However, God will give His glory no other. God is the Lord. He is always Lord over all things, even over the fall and corruption of man. And He accomplishes all His good pleasure, through the vain imagination of Satan and the fall of man prepares the way for His Son to come into the world. That Son He had anointed from before the foundation of the world to be the head of the church, the heir of all things, the Lord of lords and King of kings, the everlasting representative of God’s Lordship over all created things. He is the real and perfect Servant of God. He is the eternal Servant-King under God, in whom and under whom all things, both that are in heaven and that are on the earth, must be united in the heavenly kingdom of the new creation. This Son of God, this anointed Servant of the Lord, was ordained to come into the world, to unite Himself with human nature and to become like unto His brethren in all things, sin excepted. In the world He was to represent God’s cause, His eternal covenant, His truth and righteousness, His sovereignty and lordship, His love and mercy, His glory and honor. Out of the world He must redeem and save His people in the way of perfect obedience, even unto death. And He must form them into a people of God that will live in God’s house and that will extol His praises. He is anointed to overcome all the power of sin and death, to dispossess the devil and the wicked, and finally destroy them by the breath of His mouth. And having overcome all His enemies, He is to submit Himself and His kingdom to the Father, in order that God may be all in all.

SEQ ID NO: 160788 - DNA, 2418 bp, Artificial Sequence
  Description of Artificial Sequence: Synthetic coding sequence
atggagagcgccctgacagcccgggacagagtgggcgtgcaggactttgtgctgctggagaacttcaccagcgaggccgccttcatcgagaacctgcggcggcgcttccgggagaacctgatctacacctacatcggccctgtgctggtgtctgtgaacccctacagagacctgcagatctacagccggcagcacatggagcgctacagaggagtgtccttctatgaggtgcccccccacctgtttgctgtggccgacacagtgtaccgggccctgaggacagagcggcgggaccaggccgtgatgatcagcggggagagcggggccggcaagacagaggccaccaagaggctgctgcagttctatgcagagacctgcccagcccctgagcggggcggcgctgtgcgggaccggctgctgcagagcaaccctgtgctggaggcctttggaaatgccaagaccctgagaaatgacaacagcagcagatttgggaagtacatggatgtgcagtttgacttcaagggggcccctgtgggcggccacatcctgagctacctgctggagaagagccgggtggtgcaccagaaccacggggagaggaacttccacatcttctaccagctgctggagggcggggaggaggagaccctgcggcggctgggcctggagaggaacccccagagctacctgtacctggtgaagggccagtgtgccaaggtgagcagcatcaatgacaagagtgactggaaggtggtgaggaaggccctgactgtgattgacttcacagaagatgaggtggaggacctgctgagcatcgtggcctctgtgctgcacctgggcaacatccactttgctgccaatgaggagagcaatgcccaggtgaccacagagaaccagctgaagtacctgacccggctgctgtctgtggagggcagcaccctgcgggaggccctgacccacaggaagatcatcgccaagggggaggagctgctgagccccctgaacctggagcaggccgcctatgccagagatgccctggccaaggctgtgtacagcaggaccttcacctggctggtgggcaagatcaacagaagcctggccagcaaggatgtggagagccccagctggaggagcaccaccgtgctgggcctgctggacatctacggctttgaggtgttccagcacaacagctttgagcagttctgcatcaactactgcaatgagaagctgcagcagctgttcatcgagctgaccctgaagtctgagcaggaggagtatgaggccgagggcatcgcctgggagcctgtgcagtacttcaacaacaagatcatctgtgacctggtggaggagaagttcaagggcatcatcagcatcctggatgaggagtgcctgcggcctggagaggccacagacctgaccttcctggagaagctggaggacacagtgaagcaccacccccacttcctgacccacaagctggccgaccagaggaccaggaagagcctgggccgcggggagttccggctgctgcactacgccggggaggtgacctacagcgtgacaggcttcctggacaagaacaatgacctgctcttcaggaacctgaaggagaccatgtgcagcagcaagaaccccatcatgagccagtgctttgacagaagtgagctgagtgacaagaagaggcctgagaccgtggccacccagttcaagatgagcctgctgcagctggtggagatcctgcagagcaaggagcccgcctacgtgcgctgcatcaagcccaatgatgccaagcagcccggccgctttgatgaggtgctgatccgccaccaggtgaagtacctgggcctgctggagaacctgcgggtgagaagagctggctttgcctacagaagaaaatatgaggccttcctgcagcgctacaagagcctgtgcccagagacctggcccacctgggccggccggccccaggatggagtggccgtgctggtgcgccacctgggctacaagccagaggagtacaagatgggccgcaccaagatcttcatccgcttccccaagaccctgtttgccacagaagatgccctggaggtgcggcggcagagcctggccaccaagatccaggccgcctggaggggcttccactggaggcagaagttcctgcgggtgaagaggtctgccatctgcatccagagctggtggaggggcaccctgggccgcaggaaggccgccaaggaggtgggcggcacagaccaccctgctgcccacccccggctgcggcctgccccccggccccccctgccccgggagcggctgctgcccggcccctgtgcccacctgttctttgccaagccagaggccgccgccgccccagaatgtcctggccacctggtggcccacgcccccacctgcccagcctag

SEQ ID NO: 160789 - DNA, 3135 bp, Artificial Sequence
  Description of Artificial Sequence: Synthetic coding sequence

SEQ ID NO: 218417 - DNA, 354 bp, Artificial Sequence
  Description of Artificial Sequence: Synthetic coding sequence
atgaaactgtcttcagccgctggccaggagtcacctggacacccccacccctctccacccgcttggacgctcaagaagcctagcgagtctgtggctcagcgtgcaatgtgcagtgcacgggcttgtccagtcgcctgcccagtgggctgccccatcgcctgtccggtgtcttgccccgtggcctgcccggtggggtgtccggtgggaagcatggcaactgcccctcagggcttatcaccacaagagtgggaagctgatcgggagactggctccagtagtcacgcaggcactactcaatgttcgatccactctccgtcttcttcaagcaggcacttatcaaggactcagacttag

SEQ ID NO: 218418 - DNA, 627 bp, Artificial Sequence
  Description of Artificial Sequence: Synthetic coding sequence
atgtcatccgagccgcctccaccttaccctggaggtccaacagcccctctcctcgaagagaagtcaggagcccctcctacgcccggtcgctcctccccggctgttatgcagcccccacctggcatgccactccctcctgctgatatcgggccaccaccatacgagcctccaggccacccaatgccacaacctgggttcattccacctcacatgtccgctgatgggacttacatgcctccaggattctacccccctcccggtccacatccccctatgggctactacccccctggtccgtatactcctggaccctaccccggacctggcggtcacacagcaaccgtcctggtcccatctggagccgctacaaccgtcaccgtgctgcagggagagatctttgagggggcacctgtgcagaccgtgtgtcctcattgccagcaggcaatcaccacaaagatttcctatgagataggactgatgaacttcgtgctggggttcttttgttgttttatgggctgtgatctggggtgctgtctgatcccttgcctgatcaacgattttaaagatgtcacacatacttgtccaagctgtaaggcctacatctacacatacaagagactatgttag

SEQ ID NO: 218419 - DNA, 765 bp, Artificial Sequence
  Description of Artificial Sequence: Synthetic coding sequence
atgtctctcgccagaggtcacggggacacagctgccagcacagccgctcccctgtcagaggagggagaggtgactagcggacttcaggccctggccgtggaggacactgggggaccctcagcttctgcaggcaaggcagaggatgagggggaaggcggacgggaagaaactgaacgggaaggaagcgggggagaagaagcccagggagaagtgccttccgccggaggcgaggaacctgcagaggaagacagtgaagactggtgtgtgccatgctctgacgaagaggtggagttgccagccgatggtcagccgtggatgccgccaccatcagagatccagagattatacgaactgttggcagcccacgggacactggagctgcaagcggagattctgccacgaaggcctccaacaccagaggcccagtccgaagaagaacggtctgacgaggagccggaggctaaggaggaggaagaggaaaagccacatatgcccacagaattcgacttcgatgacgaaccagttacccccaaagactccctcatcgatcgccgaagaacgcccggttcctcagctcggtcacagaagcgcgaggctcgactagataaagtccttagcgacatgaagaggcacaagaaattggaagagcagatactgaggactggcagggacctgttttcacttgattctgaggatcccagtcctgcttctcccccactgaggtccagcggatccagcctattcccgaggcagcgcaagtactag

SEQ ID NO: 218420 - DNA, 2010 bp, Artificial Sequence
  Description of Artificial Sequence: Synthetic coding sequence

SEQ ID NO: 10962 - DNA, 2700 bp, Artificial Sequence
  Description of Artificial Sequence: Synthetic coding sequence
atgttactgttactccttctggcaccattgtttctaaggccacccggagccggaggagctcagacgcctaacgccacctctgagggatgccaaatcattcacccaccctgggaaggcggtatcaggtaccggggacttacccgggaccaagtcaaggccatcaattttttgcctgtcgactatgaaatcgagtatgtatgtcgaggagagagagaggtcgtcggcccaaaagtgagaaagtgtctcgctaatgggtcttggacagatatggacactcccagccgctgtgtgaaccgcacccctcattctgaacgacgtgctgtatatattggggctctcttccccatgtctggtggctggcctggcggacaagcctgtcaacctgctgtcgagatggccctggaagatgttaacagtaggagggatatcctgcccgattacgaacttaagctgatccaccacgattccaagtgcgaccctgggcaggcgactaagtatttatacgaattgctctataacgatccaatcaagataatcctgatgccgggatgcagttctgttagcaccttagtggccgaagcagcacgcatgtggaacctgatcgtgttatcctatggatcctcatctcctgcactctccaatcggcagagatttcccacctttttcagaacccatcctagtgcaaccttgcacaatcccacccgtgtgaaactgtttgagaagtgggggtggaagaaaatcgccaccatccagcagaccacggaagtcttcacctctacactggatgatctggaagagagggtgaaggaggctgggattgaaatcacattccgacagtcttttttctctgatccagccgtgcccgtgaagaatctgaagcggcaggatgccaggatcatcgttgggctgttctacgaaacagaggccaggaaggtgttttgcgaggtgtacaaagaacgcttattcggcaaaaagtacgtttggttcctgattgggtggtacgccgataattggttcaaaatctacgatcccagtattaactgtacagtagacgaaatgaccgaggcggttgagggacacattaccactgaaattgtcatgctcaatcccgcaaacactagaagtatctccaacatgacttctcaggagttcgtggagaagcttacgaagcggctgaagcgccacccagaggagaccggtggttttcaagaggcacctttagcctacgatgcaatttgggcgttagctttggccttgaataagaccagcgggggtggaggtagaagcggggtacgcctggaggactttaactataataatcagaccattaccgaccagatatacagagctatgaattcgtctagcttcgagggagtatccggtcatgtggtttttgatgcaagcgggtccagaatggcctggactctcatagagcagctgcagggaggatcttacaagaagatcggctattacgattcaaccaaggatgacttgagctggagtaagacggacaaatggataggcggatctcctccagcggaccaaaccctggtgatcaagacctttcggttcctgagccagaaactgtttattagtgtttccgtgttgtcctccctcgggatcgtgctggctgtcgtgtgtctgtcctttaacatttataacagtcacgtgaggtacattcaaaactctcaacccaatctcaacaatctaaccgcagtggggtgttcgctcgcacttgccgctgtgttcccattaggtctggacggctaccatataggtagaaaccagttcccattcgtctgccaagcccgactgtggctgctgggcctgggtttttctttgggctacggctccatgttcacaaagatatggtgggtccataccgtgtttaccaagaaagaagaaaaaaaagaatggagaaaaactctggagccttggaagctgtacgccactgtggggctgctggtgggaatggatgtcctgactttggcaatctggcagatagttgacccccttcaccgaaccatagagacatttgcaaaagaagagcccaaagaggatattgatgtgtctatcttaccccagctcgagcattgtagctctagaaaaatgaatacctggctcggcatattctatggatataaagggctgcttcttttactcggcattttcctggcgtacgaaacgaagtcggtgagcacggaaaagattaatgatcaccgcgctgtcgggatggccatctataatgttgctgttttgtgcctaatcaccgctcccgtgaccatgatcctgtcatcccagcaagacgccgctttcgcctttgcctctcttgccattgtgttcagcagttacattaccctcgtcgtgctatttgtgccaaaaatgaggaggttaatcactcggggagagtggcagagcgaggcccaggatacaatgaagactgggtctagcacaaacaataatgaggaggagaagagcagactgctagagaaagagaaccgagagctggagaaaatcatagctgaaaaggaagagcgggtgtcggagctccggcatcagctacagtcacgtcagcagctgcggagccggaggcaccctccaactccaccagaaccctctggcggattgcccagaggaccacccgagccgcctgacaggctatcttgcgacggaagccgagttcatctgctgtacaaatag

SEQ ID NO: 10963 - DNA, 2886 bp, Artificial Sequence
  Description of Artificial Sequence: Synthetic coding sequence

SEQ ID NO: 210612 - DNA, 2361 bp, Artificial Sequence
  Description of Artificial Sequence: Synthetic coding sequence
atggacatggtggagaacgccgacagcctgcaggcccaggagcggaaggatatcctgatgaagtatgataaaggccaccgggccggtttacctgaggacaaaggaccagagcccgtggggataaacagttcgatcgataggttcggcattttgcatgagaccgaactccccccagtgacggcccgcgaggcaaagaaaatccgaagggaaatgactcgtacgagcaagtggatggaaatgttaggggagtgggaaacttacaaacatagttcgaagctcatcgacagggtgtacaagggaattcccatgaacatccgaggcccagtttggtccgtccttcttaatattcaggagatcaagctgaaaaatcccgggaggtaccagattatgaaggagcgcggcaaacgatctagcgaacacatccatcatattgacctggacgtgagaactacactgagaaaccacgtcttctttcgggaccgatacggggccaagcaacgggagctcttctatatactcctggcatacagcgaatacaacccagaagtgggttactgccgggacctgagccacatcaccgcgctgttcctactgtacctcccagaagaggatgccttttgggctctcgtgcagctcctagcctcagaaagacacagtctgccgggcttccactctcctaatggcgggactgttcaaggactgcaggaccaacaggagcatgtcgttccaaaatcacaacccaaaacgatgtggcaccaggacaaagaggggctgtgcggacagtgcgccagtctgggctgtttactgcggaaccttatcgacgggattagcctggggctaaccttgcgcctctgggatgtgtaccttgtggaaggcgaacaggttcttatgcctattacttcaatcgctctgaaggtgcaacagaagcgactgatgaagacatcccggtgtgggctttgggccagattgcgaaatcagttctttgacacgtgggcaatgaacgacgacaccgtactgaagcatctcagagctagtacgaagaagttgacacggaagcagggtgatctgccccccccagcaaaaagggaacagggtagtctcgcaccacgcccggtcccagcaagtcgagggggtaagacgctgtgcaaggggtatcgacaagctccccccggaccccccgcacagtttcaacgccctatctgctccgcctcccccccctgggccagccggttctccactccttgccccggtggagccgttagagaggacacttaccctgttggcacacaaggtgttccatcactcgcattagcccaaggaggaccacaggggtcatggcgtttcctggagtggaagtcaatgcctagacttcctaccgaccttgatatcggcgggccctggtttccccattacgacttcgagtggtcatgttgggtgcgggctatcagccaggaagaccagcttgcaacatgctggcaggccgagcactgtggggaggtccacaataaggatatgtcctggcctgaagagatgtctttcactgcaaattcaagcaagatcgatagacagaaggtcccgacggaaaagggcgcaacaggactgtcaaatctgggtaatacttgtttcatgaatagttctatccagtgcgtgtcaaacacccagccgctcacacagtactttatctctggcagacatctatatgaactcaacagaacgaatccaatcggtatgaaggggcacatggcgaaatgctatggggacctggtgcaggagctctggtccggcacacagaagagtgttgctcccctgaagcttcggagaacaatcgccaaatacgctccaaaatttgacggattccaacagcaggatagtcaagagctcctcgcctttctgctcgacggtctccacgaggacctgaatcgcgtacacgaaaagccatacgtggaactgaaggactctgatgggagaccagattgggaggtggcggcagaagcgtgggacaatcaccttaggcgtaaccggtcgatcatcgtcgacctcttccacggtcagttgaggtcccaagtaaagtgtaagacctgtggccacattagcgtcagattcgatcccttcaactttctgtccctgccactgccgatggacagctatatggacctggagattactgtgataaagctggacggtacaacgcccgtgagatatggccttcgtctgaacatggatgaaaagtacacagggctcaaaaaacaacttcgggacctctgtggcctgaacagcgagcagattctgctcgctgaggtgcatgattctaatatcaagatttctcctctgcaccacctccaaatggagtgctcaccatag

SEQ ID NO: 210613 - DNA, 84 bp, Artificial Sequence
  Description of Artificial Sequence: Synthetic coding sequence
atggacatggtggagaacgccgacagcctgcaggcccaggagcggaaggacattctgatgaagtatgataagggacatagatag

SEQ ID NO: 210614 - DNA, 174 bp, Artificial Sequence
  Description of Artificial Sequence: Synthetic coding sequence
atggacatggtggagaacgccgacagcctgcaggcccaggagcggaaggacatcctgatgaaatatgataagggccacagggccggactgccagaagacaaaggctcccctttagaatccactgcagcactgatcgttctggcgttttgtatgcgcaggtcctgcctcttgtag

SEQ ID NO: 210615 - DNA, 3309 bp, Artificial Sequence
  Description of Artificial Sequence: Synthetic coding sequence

This is what we call the cause of the Son of God.

The result is a battle throughout the ages. The world hates Christ and all the powers of darkness unite themselves against Him, to oppose His cause, to bring Him to defeat, and to destroy His kingdom. Because it is the purpose of Satan and his .host and of fallen man, in alliance with this host of darkness, to retain their lordship over the world in the service of sin, unrighteousness, and corruption, the world is principally anti-Christ. Most clearly this becomes evident in the fullness of time, when He personally comes into the world to fight the battle, to reveal Himself as de representative of God’s righteousness, to overcome the power of sin and death, and to wrest from the prince of de world his usurped power and authority, and to establish the everlasting kingdom of God on the foundation of truth and justice. All the forces of iniquity rise up against Him. They oppose and contradict His Word. They despise and heap contempt upon Him. And they persecute Him even unto death, the cruel and shameful death of the cross. But in and through it all He fights the battle of Jehovah and is victorious. He reveals and glorifies the Father, takes away the sin of His own, that are given to Him by the Father, by becoming obedient unto death, overcomes the prince of this world, death and hell, and is raised to glory at the right hand of God. And now He has a name that is above every name, that in the name of Jesus every knee should bow, and every tongue should confess that Jesus is Lord, to the glory of God the Father. Such was the battle for the cause of the Son of God when He was in the world. The world hated Him and hated His cause. But He overcame the world and its prince.

However, it is not only in the fullness of time, during the few years of the earthly sojourn and ministry of our Lord, that the Son of God is in the world and that His cause is represented.

—H.H.